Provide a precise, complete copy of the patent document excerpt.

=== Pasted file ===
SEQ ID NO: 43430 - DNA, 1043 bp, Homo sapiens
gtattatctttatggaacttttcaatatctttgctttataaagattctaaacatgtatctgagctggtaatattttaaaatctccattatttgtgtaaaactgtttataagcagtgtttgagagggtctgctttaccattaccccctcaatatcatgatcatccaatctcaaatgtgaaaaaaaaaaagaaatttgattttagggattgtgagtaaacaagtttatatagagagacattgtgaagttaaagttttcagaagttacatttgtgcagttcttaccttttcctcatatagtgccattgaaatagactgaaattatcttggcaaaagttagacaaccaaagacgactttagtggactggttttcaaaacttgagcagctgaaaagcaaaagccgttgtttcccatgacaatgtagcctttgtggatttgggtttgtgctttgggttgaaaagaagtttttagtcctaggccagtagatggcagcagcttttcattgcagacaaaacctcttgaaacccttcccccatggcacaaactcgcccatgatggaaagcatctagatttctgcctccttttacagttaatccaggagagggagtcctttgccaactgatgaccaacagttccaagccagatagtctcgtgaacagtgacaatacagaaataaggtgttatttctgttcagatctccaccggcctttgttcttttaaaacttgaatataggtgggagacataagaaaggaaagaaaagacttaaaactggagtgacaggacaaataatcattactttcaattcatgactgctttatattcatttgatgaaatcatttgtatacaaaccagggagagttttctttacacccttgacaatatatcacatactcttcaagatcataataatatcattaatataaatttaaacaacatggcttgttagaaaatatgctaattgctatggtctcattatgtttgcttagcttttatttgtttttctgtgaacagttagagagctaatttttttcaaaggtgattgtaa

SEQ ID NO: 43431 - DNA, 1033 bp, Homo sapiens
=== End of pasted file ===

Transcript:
SEQ ID NO: 43430 - DNA, 1043 bp, Homo sapiens
gtattatctttatggaacttttcaatatctttgctttataaagattctaaacatgtatctgagctggtaatattttaaaatctccattatttgtgtaaaactgtttataagcagtgtttgagagggtctgctttaccattaccccctcaatatcatgatcatccaatctcaaatgtgaaaaaaaaaaagaaatttgattttagggattgtgagtaaacaagtttatatagagagacattgtgaagttaaagttttcagaagttacatttgtgcagttcttaccttttcctcatatagtgccattgaaatagactgaaattatcttggcaaaagttagacaaccaaagacgactttagtggactggttttcaaaacttgagcagctgaaaagcaaaagccgttgtttcccatgacaatgtagcctttgtggatttgggtttgtgctttgggttgaaaagaagtttttagtcctaggccagtagatggcagcagcttttcattgcagacaaaacctcttgaaacccttcccccatggcacaaactcgcccatgatggaaagcatctagatttctgcctccttttacagttaatccaggagagggagtcctttgccaactgatgaccaacagttccaagccagatagtctcgtgaacagtgacaatacagaaataaggtgttatttctgttcagatctccaccggcctttgttcttttaaaacttgaatataggtgggagacataagaaaggaaagaaaagacttaaaactggagtgacaggacaaataatcattactttcaattcatgactgctttatattcatttgatgaaatcatttgtatacaaaccagggagagttttctttacacccttgacaatatatcacatactcttcaagatcataataatatcattaatataaatttaaacaacatggcttgttagaaaatatgctaattgctatggtctcattatgtttgcttagcttttatttgtttttctgtgaacagttagagagctaatttttttcaaaggtgattgtaa

SEQ ID NO: 43431 - DNA, 1033 bp, Homo sapiens